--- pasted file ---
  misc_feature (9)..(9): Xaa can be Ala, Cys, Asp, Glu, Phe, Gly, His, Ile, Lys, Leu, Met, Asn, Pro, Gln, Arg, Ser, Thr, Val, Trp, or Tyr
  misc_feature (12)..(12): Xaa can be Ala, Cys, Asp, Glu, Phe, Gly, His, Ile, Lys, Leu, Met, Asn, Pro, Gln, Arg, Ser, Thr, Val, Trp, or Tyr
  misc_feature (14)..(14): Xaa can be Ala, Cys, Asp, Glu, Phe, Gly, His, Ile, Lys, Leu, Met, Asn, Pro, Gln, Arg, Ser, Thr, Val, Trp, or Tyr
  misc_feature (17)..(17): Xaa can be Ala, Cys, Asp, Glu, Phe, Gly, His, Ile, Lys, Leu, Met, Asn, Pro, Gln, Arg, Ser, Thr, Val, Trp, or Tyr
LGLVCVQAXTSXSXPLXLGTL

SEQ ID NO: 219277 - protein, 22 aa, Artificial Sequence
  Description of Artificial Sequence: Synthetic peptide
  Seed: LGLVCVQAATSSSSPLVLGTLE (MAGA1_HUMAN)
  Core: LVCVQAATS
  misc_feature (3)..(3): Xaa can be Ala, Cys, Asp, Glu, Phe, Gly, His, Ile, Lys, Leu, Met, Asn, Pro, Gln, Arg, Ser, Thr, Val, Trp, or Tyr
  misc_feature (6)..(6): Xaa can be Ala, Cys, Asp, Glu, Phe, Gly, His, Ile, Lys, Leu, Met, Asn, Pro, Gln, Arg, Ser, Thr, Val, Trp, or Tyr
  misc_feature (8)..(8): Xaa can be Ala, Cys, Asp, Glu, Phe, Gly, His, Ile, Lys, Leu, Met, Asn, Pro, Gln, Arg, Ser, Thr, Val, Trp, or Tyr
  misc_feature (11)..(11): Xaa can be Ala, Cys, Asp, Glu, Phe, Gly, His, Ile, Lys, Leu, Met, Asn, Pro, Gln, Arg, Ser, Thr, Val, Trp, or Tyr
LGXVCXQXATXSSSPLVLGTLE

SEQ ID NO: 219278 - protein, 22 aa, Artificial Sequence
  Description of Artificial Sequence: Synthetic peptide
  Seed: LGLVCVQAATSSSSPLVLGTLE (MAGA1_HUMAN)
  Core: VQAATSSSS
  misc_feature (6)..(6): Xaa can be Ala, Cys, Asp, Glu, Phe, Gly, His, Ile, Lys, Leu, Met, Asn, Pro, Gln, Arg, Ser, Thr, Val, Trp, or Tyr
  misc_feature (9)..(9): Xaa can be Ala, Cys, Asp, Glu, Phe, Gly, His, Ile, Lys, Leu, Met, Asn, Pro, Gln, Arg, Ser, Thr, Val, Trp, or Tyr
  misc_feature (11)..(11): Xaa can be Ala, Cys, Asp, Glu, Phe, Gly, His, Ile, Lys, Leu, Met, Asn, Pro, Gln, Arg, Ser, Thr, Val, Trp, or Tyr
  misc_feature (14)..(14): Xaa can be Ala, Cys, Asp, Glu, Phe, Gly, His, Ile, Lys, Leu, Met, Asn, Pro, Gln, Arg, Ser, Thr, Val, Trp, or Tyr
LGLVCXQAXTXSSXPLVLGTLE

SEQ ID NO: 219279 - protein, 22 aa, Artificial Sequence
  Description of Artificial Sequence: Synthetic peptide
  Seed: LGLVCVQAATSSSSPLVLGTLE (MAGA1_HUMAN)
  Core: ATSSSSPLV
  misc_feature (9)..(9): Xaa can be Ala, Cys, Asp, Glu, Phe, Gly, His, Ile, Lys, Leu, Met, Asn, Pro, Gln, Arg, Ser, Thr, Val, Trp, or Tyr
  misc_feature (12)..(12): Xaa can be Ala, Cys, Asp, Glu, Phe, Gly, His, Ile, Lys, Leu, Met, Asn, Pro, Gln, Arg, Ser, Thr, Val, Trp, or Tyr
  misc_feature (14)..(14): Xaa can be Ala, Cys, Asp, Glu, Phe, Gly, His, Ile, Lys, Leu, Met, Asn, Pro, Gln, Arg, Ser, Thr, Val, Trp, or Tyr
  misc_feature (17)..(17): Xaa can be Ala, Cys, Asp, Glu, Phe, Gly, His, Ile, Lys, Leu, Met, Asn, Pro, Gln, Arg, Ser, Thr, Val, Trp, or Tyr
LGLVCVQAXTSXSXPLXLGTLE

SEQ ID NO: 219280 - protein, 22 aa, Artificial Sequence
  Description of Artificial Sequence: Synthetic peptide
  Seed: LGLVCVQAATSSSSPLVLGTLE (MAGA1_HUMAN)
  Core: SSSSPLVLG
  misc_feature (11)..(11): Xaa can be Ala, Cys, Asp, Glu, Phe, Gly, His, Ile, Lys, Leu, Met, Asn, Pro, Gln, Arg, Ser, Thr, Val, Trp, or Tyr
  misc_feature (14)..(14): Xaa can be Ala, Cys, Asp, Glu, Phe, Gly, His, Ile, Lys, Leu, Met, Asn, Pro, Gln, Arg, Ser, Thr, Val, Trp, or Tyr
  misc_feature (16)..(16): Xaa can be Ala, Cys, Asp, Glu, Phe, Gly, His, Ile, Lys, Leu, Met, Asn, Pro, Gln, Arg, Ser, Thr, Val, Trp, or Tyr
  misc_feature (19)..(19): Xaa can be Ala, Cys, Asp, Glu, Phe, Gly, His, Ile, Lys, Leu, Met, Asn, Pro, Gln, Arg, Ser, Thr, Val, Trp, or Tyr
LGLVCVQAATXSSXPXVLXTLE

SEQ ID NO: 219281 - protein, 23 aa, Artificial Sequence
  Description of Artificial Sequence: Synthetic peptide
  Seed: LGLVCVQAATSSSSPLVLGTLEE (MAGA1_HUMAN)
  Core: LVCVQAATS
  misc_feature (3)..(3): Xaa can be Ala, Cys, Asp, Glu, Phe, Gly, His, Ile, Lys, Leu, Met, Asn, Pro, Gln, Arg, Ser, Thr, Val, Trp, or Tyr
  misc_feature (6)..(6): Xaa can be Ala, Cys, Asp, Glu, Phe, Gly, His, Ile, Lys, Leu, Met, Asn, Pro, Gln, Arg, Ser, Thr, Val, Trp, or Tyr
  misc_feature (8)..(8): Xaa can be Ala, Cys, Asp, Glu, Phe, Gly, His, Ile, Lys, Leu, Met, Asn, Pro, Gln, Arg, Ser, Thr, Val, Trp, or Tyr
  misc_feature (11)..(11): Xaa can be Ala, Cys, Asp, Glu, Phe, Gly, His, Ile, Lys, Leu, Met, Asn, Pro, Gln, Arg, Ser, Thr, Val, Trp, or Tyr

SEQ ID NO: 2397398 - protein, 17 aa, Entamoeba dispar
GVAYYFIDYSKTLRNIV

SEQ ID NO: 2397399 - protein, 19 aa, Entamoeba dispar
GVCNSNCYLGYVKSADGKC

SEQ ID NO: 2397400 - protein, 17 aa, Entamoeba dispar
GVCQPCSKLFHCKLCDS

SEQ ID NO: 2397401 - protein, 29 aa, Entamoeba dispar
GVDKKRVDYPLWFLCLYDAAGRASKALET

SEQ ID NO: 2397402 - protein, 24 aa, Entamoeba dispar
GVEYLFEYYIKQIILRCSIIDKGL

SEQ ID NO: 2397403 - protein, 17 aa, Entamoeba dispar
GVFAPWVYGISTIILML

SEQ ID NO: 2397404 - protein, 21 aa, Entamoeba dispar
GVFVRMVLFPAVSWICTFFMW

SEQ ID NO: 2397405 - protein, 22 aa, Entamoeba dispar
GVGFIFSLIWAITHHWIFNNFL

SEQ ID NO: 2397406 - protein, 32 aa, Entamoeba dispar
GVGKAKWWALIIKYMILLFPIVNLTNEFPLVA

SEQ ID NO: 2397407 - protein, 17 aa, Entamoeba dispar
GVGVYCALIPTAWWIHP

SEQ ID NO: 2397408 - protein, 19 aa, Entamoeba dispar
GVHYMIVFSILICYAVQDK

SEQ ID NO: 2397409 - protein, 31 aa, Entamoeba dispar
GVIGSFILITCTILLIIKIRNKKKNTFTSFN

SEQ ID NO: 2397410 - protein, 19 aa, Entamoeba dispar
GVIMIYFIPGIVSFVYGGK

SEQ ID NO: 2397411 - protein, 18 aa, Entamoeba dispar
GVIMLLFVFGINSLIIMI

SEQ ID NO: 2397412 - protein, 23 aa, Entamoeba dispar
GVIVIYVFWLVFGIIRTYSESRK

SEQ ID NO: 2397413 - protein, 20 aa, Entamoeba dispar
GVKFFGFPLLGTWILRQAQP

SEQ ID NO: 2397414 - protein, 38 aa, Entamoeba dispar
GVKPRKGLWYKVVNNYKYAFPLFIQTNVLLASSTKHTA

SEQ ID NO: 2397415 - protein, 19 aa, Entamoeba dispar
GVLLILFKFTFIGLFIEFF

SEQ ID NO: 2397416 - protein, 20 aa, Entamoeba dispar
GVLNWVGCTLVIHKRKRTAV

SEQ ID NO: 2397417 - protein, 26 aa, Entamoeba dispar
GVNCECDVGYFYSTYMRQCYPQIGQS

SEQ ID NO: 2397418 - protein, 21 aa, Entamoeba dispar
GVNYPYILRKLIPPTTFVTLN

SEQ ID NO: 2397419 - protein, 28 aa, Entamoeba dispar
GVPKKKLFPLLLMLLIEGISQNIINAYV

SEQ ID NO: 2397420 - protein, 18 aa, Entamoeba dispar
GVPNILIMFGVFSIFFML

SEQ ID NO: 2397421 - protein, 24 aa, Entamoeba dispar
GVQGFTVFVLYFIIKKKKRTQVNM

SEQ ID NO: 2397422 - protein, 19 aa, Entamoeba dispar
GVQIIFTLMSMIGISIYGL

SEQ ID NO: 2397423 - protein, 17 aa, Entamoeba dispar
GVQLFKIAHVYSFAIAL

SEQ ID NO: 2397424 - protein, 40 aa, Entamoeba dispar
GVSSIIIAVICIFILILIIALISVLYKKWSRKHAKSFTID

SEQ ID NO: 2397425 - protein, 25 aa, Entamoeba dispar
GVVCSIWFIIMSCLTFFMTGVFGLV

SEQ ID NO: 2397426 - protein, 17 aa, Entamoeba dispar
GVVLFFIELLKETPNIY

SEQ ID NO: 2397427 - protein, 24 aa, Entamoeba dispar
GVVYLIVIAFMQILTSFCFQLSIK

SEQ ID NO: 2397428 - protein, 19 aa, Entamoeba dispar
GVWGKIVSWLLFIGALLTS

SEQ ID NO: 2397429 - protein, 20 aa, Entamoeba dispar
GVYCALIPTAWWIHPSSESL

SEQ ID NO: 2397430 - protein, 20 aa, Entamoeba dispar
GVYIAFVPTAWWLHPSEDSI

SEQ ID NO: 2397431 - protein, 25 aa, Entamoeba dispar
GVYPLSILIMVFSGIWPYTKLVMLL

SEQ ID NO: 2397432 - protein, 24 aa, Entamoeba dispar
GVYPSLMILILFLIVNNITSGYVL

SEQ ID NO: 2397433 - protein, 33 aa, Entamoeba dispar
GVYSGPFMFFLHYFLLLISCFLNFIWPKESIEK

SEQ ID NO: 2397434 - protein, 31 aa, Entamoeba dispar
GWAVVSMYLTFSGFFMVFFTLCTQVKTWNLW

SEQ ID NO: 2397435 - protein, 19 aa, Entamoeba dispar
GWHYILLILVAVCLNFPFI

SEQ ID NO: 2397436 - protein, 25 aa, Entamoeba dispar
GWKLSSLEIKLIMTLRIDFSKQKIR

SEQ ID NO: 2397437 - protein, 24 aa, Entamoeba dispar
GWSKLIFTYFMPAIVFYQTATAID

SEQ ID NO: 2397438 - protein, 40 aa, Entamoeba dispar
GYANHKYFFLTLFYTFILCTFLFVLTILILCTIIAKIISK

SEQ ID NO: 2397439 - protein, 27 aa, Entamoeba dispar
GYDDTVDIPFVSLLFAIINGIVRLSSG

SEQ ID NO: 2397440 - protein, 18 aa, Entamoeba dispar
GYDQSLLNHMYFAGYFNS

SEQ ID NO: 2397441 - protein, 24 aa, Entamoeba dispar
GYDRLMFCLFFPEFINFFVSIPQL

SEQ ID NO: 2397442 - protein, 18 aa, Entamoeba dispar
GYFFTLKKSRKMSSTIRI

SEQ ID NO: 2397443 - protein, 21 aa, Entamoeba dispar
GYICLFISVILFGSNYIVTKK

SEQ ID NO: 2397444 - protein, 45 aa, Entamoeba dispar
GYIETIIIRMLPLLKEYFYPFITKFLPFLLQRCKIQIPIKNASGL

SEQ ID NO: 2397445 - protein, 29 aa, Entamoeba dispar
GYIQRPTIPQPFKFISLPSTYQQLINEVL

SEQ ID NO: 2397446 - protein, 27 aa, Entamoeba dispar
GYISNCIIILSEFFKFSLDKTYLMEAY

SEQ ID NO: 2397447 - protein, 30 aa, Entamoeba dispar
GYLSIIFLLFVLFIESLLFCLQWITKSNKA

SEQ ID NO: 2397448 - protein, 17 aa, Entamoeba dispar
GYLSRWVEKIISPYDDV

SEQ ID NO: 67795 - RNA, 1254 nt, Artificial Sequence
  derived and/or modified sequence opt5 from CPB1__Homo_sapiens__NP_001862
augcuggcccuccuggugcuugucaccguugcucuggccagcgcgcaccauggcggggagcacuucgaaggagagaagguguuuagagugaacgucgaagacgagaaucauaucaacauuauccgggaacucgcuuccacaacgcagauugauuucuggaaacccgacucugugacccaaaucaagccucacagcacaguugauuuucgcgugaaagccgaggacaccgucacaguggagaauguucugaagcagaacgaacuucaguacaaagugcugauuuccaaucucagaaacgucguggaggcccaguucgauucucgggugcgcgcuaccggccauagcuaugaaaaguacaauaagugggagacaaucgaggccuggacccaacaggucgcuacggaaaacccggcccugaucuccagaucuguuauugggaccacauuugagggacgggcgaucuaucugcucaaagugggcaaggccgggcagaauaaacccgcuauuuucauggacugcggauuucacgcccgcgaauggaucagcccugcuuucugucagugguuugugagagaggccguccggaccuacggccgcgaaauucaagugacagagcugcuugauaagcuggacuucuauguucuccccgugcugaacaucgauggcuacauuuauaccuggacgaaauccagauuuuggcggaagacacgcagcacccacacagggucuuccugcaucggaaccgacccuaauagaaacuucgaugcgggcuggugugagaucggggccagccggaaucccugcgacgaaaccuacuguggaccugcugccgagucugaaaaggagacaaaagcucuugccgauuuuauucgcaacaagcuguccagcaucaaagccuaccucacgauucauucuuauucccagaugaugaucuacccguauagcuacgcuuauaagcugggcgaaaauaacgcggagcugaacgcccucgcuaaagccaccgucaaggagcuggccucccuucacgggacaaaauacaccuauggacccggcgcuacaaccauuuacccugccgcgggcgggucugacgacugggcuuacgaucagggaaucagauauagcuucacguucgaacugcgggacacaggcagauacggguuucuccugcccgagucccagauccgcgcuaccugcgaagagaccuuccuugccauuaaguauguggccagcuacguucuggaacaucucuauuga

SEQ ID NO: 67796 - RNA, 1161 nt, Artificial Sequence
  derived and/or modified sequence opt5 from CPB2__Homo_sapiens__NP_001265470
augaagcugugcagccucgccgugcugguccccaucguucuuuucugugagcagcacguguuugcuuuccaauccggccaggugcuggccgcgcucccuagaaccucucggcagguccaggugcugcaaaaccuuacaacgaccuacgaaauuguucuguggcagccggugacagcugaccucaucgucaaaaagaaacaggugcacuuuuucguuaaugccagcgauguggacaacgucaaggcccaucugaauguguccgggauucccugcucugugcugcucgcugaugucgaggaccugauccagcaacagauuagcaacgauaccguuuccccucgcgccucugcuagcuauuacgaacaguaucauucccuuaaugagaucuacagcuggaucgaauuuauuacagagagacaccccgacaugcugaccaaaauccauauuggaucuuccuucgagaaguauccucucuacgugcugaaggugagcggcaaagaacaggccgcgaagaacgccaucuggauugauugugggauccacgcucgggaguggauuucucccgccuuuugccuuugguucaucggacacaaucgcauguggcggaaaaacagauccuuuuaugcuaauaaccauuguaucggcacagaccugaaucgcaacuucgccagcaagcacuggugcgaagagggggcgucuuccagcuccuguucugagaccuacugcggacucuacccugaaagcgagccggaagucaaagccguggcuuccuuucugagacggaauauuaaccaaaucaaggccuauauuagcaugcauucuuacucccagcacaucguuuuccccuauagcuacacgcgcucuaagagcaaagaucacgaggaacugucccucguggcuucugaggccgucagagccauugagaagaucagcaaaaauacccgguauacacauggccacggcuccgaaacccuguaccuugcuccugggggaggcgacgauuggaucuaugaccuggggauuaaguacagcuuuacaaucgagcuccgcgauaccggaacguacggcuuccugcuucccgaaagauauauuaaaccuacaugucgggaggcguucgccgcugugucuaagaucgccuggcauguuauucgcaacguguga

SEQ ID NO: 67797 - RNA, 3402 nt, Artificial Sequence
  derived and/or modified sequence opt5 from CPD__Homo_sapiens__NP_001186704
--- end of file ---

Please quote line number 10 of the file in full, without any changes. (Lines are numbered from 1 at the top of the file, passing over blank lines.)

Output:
  misc_feature (3)..(3): Xaa can be Ala, Cys, Asp, Glu, Phe, Gly, His, Ile, Lys, Leu, Met, Asn, Pro, Gln, Arg, Ser, Thr, Val, Trp, or Tyr